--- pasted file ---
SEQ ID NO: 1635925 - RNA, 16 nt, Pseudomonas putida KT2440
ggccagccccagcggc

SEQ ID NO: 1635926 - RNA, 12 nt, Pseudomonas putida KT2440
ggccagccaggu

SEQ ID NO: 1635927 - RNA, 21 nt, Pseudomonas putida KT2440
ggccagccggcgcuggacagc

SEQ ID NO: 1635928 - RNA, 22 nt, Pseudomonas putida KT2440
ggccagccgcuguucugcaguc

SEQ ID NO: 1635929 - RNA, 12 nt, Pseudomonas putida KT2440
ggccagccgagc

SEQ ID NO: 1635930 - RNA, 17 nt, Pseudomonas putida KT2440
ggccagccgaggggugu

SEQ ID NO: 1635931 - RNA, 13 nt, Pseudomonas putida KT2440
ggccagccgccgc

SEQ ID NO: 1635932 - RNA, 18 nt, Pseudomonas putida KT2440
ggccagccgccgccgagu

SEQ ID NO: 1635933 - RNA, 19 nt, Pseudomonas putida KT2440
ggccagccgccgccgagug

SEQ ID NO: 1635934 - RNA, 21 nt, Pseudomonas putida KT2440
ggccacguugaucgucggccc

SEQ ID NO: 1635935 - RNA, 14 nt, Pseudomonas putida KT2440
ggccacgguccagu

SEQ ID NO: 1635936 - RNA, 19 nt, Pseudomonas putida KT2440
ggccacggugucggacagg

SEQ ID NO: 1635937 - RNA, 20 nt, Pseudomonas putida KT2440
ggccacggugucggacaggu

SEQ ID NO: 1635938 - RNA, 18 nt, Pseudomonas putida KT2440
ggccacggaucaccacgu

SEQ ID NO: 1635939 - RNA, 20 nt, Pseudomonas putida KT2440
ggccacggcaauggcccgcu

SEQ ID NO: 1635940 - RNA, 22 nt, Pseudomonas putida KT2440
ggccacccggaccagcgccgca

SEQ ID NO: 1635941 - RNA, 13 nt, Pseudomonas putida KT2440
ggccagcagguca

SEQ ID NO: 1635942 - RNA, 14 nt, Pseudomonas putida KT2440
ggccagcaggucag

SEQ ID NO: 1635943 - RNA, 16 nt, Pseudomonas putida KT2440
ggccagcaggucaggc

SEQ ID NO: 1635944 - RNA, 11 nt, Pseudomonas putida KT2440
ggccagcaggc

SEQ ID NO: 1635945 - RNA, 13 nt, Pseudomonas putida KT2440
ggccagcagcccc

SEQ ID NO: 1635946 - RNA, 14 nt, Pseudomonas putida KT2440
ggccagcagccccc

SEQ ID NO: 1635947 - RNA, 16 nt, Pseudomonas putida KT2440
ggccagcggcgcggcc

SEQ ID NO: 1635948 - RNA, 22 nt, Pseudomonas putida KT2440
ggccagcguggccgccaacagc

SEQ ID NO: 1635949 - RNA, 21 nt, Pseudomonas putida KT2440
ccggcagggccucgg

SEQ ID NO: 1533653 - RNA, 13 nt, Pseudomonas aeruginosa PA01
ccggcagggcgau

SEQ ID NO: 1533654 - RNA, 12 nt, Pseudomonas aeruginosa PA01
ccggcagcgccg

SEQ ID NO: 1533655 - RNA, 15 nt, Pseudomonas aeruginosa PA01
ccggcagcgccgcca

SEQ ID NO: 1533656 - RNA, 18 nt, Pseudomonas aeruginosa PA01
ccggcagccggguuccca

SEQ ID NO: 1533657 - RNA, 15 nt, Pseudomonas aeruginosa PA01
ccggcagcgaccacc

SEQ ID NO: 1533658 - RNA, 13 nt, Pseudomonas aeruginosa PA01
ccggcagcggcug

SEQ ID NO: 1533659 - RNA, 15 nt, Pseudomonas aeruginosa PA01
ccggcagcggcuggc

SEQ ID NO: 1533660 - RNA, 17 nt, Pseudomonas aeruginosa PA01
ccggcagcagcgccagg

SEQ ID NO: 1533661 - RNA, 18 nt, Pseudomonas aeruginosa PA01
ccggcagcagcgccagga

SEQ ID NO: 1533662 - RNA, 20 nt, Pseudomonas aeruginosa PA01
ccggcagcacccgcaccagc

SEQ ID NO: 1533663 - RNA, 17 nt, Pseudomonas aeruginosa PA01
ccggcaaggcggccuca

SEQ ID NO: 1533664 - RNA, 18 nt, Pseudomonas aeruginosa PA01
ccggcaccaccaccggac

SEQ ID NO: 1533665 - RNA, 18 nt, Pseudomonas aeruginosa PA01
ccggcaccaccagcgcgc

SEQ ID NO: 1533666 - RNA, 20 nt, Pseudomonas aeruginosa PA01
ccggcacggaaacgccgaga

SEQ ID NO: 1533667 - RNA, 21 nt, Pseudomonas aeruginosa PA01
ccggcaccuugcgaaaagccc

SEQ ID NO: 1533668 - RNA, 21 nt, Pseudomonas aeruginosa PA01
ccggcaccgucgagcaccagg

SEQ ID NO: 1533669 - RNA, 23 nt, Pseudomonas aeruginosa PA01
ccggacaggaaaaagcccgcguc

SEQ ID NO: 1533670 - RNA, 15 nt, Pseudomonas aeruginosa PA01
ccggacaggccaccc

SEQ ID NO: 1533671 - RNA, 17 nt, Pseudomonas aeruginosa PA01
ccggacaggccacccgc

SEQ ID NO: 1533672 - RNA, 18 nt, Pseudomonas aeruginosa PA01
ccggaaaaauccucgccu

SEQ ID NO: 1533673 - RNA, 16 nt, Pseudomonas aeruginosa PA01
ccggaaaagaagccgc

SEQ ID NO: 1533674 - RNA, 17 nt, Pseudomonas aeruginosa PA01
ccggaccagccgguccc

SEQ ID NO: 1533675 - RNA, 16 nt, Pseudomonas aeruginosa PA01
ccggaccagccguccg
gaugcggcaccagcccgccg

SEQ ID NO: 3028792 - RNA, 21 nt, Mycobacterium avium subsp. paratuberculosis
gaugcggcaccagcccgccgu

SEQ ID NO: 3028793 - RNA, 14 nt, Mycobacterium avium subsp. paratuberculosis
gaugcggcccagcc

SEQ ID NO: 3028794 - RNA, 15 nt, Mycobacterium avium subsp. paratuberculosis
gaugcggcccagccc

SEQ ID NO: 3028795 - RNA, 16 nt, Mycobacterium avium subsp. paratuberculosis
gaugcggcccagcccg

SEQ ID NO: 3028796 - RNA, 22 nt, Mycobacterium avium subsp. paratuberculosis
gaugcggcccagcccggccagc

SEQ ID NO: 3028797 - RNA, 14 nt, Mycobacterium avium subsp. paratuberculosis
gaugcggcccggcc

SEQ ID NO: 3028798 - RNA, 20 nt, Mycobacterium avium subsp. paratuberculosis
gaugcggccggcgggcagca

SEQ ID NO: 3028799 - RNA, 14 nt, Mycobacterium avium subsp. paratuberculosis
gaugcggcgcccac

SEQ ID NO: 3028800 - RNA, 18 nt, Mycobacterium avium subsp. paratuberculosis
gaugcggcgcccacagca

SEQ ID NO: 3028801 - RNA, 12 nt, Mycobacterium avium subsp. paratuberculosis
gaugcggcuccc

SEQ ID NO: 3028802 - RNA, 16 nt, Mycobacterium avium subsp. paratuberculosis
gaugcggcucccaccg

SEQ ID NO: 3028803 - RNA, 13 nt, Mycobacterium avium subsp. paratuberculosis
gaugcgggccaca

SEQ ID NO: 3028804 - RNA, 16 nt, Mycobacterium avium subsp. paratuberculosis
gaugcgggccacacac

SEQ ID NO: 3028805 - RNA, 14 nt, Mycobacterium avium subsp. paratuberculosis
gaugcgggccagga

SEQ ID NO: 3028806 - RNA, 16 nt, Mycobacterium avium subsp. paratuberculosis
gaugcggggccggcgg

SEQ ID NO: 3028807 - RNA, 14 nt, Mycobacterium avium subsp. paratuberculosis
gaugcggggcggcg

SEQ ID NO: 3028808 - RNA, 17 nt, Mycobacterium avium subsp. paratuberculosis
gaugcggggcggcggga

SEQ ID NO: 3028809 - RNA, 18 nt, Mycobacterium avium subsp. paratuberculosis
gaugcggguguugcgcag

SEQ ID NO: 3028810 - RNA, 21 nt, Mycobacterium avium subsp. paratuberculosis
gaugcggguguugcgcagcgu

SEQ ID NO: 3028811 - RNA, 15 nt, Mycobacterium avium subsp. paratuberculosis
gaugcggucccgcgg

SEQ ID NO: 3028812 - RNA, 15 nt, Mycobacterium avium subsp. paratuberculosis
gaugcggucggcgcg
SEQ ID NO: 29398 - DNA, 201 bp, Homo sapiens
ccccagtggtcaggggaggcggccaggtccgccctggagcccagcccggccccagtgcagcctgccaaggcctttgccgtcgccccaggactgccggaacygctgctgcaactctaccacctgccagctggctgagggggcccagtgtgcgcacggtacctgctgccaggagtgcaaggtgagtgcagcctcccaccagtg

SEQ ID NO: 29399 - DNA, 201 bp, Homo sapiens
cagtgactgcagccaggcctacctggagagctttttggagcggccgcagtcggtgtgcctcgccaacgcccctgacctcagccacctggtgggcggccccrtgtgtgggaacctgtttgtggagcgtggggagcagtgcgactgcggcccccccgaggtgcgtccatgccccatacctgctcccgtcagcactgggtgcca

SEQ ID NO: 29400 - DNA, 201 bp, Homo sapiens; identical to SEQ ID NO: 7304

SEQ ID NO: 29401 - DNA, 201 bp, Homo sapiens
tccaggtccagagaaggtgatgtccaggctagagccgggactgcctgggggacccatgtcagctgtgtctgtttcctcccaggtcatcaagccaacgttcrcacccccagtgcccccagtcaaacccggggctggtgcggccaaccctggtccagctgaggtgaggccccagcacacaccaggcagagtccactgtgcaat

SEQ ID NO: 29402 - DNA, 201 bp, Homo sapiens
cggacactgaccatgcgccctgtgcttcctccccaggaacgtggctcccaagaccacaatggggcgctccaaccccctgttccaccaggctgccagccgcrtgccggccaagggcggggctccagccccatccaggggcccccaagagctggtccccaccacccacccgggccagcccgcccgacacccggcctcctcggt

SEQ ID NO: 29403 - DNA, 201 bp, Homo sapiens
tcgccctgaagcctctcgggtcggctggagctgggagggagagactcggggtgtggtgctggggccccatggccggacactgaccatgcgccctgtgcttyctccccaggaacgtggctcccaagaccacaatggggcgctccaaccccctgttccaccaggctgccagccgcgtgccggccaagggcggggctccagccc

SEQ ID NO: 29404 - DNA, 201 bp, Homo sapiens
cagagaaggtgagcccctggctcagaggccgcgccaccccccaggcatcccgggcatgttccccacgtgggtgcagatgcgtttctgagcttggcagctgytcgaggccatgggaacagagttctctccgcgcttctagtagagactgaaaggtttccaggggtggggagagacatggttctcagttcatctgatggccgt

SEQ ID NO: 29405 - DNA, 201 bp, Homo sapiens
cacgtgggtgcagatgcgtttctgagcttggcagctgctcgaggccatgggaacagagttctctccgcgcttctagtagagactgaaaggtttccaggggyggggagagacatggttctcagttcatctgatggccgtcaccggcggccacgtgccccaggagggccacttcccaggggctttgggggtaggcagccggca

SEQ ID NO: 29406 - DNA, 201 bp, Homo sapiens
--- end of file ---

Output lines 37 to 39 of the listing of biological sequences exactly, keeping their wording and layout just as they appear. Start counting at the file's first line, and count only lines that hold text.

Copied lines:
SEQ ID NO: 1635943 - RNA, 16 nt, Pseudomonas putida KT2440
ggccagcaggucaggc

SEQ ID NO: 1635944 - RNA, 11 nt, Pseudomonas putida KT2440